Really sad. I'm afraid this country's future is really bleak.

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  2. By the way, the PM has stated that HE has not decided on when the GE will be held ! Poor G Yeo.
    Anyway, this Right Hand give a S$100 and Left hand take back S$99 must sound familar to those of us who can recall the Army song. Nowadays, even the "Ah Soh" after two GE will join in the chorus.....

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  3. Quote "The one-off $155 million top-up to the Edusave scheme was flaunted as a measure to insulate children from the impact of inflation"

    Isn't school fees set by MOE? What inflation are we talking about? Government induced inflation?? Left pocket to right pocket, not children's pocket but their own pocket.

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  4. I teach in a local polytechnic, which "encourages" every student to buy a laptop. I swear that this is a ploy to prop up the laptop industry.

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  5. Schools have never been shy of getting parents to pay for a whole host of 'enrichment' activities, compulsory 'supplementary' books and so on. Gone were the days of excursions where we do not have to pay a single cent.
    Ya, sure. Nobody will be denied education due to affordability, just like there is no homeless people in Singapore.

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  6. I'm glad that post like this points out social injustice shunned by MSM. This is probably the only first world country without any real social welfare, even for children!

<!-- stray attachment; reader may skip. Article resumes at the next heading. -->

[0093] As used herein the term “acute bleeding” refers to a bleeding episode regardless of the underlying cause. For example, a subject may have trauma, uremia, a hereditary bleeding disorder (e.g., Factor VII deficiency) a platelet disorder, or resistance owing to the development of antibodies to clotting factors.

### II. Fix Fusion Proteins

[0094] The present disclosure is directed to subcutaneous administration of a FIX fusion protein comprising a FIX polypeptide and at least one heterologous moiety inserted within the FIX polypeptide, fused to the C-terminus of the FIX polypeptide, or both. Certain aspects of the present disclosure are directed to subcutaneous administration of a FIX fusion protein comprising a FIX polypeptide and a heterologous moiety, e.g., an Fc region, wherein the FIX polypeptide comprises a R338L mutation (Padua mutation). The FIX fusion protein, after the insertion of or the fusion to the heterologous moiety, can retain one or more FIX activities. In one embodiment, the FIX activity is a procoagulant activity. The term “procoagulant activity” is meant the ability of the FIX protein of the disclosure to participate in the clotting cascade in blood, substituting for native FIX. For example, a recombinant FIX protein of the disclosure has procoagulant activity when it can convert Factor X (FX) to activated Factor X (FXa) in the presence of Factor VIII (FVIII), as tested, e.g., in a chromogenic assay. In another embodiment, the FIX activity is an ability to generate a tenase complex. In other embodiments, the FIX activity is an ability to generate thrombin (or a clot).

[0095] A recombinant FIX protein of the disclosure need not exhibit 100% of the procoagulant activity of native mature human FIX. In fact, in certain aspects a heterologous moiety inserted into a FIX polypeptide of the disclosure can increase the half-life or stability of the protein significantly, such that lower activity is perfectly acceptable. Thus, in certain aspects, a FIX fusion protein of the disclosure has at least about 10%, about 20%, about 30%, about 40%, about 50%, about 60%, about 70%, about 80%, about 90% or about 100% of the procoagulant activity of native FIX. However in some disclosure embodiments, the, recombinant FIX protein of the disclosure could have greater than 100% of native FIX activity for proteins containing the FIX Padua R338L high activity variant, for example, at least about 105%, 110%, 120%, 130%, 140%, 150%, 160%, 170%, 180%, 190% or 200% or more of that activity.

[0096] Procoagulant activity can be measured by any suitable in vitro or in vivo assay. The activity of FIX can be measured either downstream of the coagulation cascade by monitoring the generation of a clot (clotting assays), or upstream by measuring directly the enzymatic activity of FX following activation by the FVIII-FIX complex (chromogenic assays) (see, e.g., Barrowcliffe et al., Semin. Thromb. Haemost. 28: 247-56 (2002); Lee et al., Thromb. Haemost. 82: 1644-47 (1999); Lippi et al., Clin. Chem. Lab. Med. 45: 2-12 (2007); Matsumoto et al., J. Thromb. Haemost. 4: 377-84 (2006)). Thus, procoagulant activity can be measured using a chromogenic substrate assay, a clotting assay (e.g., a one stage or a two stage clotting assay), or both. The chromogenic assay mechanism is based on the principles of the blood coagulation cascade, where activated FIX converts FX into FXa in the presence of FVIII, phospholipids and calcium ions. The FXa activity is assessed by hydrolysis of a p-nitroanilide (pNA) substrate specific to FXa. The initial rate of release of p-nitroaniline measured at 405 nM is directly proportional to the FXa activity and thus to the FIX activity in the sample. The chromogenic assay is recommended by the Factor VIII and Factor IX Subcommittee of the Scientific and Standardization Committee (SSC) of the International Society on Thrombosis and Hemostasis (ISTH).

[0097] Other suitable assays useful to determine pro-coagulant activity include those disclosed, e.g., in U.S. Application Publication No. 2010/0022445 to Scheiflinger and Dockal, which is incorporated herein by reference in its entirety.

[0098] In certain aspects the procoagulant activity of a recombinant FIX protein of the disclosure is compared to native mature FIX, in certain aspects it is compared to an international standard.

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  7. It is very sad that very clever, priviledged and highly paid individuals continuously come up with grand schemes to take advantage of their more disadvantaged fellow countrymen. I know this is happening everywhere in the world. In Singapore it is done with such finesse.

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  8. has always been like this lah
    they dangle carrots, especially before GE, but if u bother to look carefully they aint exactly carrots but more future liabilities

    yet fools continue to vote them in

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  9. I know of a primary school that stipulate that the students can only wear black shoes , not any normal brand but of of a particular brand that is more expensive.

    I also know of secondary schools requiring students to buy an Apple Macbook for e-learning.

    Some familes are not well off and struggle to provide these items to their children. Think education these days has lost its direction.

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  10. Suddenly our mercenary PAP Ministers are active again dishing all sorts of Ang Baos for almost everyone.

    We take the bait this time but we are not that daft anymore to prove the old man wrong. We will still pin for the opposition to give them their due recognition.

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  11. Well, here is an example of how parents do want their children get good quality education: http://news.yahoo.com/video/us-15749625/mom-jailed-for-sending-kids-to-better-school-23973624

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    ReplyDelete